In a recent post on positive thinking, I explained how a number of studies have shown that fantasizing about happy outcomes in a number of different contexts ranging from weight loss, to finding a job, to surgical outcomes, to dating didn’t help achieve what was desired. In fact it hindered people. You can refresh you memory at this link.
I’ve been reading more about this and thinking more about this and in this follow-up article, I give more insights and tips on how to harness positive thinking using the latest psychological research on the topic.
The power of positive thinking is prolific in our culture. It is extolled in the works of W. Clement Stone (Success Through Positive Mental Attitude), Anthony Robins (Personal Power), Napoleon Hill (Think and Grow Rich), Og Mandino (The Greatest Salesman in the World), Rhonda Byrne (The Secret), and many others. It has become so prolific that scientists have begun to study how and why it works (or doesn’t), and what they have discovered may surprise you.
When we think of positive thinking we often think of positive self-talk. Positive self-talk and its brother, negative self-talk, has us declaring what is or what will be. We may say that “I can win the race,” or “I am too weak to complete the marathon.” These are declarative statements and can be effective in achieving an outcome, either good or bad. Scientists have found, however, that more effective than declarative self-talk is Interrogative self-talk. In this form of self-talk, rather than making a statement we ask a question. We may say “Can I give a great presentation?”
In a groundbreaking 2010 study Dr. Kenji Naguchi and others at the University of Mississippi proved the power of Interrogative self-talk. They showed that subjects primed with an interrogative mindset solved 50% more anagram puzzles than those primed with a declarative mindset. Further studies showed that subjects with an interrogative predisposition solved twice as many anagrams as those without. Scientists believe there are two reasons that this is the case.
1) Interrogative self-talk elicits answers that contain strategies and summon resources to accomplish the goal.
2) Interrogative self-talk surfaces intrinsic motivations and elicits reasons that one desires the outcome.
Researchers have also found that too much or too little positivity is counter productive. Barb Fredrickson of the University of North Carolina is a world leading authority on the subject of positivity. According to Dr. Fredrickson, negativity narrows our vision for tactical survival in the moment, while positivity broadens our ideas about possible actions and increases our creativity. Fredrickson’s research has shown that a ratio of positive to negative emotions between 3:1 and 10:1 yields better overall well-being that ratios outside this range. Too much negativity weighs you down. Too much positivity leads to delusions and robs you of feedback that you need to improve.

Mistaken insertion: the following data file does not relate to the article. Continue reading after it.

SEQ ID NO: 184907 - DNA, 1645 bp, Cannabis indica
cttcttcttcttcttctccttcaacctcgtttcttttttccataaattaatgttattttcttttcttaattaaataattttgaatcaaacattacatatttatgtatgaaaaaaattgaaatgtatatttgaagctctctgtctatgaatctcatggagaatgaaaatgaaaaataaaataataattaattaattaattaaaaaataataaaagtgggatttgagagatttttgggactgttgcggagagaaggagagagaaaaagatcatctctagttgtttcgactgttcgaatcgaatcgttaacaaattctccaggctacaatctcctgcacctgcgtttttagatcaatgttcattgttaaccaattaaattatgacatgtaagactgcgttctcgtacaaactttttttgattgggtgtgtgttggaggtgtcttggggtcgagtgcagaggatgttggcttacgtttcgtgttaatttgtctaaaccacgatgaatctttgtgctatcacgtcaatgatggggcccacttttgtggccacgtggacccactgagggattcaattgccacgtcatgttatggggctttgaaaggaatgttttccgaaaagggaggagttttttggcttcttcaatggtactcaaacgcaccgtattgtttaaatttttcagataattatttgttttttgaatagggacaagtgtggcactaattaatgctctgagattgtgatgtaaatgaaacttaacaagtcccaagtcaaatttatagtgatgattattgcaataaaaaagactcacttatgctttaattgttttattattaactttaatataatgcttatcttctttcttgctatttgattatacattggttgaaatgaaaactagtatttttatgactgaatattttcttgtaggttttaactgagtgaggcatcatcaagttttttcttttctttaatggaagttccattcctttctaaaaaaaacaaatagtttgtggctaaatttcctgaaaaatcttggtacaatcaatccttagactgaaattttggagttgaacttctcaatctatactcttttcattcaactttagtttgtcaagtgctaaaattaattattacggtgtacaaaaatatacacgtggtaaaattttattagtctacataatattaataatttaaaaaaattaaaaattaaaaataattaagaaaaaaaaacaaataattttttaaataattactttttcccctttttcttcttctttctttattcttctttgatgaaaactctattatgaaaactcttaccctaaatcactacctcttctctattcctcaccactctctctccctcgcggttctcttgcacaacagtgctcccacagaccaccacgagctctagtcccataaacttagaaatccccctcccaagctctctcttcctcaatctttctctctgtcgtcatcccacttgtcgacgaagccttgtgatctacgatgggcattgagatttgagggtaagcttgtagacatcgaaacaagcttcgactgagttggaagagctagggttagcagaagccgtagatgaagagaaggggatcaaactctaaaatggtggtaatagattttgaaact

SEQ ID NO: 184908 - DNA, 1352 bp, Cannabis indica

More optimism also leads to higher performance and better resilience. Martin Seligman of the University of Pennsylvania is the originator of Positive Psychology, which is the scientific study of the strengths and virtues that enable individuals and communities to thrive. In one of his famous studies, Seligman discovered that optimistic salesmen outsell their more pessimistic counterparts by 37% and are twice as likely to not quit their jobs. So, optimism improves performance and yields longevity.
Seligman also found in his studies that people’s explanatory style have a big impact on whether they give up quickly or not. People with pessimistic explanatory styles see setbacks as permanent, pervasive, and personal. An optimistic explanatory style is upbeat and sees setbacks as temporary and situational.
So, what does this have to do with climbing. Well, we can use this information to create a mindset with the right dose of optimism that leads to optimal performance and can have us climbing and staying psyched about climbing for as long as possible. Here are some tips to help you put this knowledge into practice in your climbing.
1) Practice interrogative self-talk. When you are thinking about your next climb, rather than tell yourself that you can do it, ask yourself if you are ready for it. Try listing 5 reasons why you are ready. This will help you be/get prepared and give you the confidence needed to send it.
2) Understand and monitor your positivity ratio. Go to Dr. Fredrickson’s website (http://positivityratio.com/) and find out your positivity ratio. Are you between 3:1 and 10:1? You can track this over time to see where you are. If you are too positive, consider what things are not going as well as you’d like and try and understand why. If you are too negative, try reflecting on what is going well and being grateful for all that is good in your life.
3) Work on your explanatory style. When a setback such as failing on a climb occurs ask yourself whether the failure is permanent, pervasive, and personal. Convince yourself that it is not.
4) Recognize when you truly mess up. If you fail on a route because of lack of training or because you lost focus, fess up. Think about how to fix that for next time. Remember, negative emotions provide us critical negative feedback that keeps us growing and thriving.
I hope that you found this article useful and that you can put some of the knowledge in it to use in your climbing.
What do you think?